Last night I was ready to pack the whole thing in. I felt ten times worse than usual, not better! It clearly wasn’t working…. Then I reasoned that 48 hours might be a little impatient to expect great results. So I did some more research instead. Apparently I’m feeling worse because my body is going through the ‘withdrawal’ stage. It’s craving all the poisons which normally coarse though my veins; Sugar, gluten, alcohol. For example, in his book; Sweet Poison, David Gillespie argues that sugar is this generation’s heroin, in regards to it’s addictive compounds. Scary stuff huh?

So I shall stay strong and will strictly continue the plan until Sunday. I can battle these nasty side-affects (I think.) I’m genuinely intrigued to see how my body feels when it’s 100% detoxed.

However, next week I shall be making a few changes before I jump off a cliff that are more realistic.

  1. I can have ONE 175ml glass of red wine on Sunday & Monday. Red is good for the blood, (it is I swear!) Plus, it’s a bank holiday for God’s sake.
  2. I’m allowed to eat brown rice. Yes I realise that counts as processed food, but I’m bloody starving and Quinoa is just depressing.

I’d say these aren’t too controversial for a woman on the edge.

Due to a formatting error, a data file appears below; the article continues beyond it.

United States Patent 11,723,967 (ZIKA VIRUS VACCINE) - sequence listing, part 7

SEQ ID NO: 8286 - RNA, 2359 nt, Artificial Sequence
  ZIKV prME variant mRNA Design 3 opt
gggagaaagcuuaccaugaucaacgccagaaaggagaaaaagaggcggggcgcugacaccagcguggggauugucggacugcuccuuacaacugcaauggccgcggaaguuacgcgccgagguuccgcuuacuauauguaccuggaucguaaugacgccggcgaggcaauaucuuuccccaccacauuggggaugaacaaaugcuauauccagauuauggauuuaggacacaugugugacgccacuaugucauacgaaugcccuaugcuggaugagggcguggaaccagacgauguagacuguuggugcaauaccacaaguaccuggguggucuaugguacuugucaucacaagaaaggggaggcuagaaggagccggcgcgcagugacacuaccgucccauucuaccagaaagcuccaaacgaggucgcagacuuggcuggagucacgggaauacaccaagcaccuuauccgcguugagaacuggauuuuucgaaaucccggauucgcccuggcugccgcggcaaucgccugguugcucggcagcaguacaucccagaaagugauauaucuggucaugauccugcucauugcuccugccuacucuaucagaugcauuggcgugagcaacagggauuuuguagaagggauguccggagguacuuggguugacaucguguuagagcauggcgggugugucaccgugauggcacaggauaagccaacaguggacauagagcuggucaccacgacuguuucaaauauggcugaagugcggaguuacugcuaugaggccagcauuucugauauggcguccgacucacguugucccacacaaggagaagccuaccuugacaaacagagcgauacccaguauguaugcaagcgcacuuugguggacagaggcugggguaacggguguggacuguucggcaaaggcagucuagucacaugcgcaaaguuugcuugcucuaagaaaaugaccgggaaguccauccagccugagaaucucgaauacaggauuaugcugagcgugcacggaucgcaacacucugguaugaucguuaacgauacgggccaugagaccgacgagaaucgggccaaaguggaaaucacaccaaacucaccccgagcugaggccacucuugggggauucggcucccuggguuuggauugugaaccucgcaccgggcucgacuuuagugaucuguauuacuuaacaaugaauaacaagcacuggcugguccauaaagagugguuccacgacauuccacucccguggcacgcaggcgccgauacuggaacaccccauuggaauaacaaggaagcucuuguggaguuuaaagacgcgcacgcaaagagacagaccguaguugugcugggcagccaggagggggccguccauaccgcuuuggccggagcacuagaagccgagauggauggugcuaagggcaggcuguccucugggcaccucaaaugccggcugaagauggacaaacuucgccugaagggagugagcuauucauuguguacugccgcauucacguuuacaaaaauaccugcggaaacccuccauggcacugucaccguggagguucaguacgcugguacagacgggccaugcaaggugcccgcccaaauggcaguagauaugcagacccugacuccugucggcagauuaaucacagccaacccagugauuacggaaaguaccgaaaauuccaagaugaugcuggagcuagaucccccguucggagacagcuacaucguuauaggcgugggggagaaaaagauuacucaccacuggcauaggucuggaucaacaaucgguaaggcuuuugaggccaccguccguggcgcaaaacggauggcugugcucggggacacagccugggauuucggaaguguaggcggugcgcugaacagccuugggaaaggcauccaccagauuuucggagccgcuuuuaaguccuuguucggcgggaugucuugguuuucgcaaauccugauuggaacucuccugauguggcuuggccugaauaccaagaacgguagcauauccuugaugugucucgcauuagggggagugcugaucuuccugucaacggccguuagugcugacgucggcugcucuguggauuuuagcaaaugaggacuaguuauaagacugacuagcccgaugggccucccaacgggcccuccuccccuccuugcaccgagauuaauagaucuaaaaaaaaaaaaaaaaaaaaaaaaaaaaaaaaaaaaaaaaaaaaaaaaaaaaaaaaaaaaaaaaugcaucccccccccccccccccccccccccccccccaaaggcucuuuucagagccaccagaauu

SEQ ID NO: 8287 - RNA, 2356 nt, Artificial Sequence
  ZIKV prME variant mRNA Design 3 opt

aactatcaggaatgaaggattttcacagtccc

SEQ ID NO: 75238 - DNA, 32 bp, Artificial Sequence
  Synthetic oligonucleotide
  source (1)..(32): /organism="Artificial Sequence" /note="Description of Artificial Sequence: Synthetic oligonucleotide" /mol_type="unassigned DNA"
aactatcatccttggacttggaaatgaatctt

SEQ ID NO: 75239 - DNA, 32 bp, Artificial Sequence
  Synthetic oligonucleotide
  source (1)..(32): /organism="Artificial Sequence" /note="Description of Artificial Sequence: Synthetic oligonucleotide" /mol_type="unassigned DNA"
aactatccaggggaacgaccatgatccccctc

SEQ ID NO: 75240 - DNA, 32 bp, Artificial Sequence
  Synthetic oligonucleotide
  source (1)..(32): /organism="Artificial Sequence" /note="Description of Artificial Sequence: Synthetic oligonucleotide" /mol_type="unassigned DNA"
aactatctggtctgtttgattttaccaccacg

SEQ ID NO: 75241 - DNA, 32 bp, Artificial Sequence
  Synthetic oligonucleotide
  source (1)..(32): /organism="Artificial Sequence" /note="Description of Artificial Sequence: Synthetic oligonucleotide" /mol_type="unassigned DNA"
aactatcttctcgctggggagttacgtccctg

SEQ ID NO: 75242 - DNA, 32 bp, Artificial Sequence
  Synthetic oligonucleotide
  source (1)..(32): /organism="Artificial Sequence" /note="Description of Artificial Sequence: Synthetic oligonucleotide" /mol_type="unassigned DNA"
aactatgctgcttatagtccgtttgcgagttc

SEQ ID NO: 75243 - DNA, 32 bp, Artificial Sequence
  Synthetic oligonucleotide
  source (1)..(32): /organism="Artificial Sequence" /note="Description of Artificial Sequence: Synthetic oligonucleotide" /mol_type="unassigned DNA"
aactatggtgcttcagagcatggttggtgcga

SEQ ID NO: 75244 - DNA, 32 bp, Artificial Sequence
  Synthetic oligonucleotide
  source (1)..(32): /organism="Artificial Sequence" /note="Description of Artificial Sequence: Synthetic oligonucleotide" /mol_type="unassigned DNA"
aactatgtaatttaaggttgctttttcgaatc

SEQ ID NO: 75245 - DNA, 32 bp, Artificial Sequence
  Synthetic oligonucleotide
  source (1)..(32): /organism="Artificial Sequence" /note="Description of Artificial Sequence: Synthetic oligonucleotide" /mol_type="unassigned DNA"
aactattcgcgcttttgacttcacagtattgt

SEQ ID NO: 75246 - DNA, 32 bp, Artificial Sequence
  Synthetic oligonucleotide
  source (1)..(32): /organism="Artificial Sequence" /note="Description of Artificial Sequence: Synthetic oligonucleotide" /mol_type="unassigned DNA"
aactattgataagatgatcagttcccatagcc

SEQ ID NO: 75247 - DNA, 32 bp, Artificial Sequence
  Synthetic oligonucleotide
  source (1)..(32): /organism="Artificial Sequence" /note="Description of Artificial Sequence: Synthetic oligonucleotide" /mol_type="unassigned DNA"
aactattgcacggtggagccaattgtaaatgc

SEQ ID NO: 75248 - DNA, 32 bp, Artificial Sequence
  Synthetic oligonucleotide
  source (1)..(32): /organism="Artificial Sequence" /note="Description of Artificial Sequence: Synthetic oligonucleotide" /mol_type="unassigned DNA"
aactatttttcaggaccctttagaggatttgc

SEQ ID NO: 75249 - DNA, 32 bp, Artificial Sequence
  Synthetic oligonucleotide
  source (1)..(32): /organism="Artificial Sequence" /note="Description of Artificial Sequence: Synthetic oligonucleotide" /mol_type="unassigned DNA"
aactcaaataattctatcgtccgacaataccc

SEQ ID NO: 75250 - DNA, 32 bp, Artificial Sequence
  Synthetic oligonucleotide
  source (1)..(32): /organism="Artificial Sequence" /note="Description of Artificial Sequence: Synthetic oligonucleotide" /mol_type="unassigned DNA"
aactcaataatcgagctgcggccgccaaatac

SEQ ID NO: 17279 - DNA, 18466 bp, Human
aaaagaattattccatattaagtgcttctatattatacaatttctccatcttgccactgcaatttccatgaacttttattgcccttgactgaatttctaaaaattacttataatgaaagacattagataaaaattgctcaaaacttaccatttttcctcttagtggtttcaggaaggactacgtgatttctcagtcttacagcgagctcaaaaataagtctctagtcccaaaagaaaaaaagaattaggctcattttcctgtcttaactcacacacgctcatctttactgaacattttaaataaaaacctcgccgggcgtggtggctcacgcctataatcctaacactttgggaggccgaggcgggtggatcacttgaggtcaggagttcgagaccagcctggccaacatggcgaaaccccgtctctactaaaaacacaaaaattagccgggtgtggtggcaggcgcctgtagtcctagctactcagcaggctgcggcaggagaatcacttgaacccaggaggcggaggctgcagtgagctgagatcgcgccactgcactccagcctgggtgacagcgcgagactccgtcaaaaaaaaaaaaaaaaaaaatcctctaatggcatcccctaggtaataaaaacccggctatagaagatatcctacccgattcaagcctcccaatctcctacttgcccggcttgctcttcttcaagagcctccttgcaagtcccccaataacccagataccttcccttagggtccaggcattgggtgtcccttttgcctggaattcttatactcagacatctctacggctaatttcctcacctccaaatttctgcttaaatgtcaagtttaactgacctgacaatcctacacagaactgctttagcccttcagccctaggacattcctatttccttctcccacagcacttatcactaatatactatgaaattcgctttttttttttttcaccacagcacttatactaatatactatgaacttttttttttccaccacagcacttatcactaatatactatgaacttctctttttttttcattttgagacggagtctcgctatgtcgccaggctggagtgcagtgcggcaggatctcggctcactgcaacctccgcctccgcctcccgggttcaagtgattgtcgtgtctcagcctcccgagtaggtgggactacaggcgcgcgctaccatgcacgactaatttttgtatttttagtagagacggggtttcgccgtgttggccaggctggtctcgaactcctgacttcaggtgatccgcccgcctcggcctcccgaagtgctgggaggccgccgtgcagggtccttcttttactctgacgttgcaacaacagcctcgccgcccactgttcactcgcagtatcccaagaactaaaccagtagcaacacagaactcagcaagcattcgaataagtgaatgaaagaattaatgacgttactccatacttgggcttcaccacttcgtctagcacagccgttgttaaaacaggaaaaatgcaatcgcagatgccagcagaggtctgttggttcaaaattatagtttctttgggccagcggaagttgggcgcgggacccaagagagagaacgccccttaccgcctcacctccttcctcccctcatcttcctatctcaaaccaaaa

I will also continue to document my results and report back next week (you lucky things!)

If you’re as barmy as me and decided to undertake this challenge yourself, I do have a few useful words of wisdom:

  1. Begin on a Sunday. Don’t start on a Monday (like me) as you’ll be really tired and angry. It’s better to be in an environment where you can relax and snooze if you need to.
  2. Plan ahead. Preparing your own meals from scratch is more time consuming than you think (Buzzfeed are liars, don’t trust them.) So be sure to get out of bed a good 15 minutes early to prepare your lunch for the day.
  3. Keep your diary clear. You won’t be feeling like a happy bunny, so it’s probably best to go home and relax.
  4. Leave your debit card at home. This is the main thing that is stopping me from going out for a drink after work. I literally don’t have any money, so I can’t.
  5. Put your own spin on things. A banana and kale smoothie? I don’t frigging think so! I added raspberries to mine and a tiny drop of honey.

Ok, I’m off to go and stare at a packet of Hobnobs. Staring and smelling are allowed.

Wish me luck everyone and if you spot me in the street, approach at your own risk…..

 

 

Categories: Anxiety

Tags: , , ,

4 replies

  1. Eggs!

    Egg/mayo butties for dinner [that’s lunch for all you metro types]. Omelette for tea [dinner]. Ultra-low GI so you won’t even think about craving anything sugary. Downside: in the mornings you’ll have the most tremendous wind!

  2. Hi Claire! I’m so glad I found your blog through this challenge.I’m on day one – started giving up sugar (or at least, the sweet tooth binge habit) a month ago and I’m trying something more ‘hardcore’ for the next month. I had previously only connected exercise to my anxiety issues, but after reading your blog I’m interested to see how the “levels” are looking towards the end of the challenge. Honestly, it’s fantastic that you can write about anxiety so candidly and I’m sure you’re helping people to realise they aren’t alone. You’ve inspired me to do a post on it too – maybe not for a few weeks, but soon enough. Looking forward to seeing how the challenge goes for both of us 🙂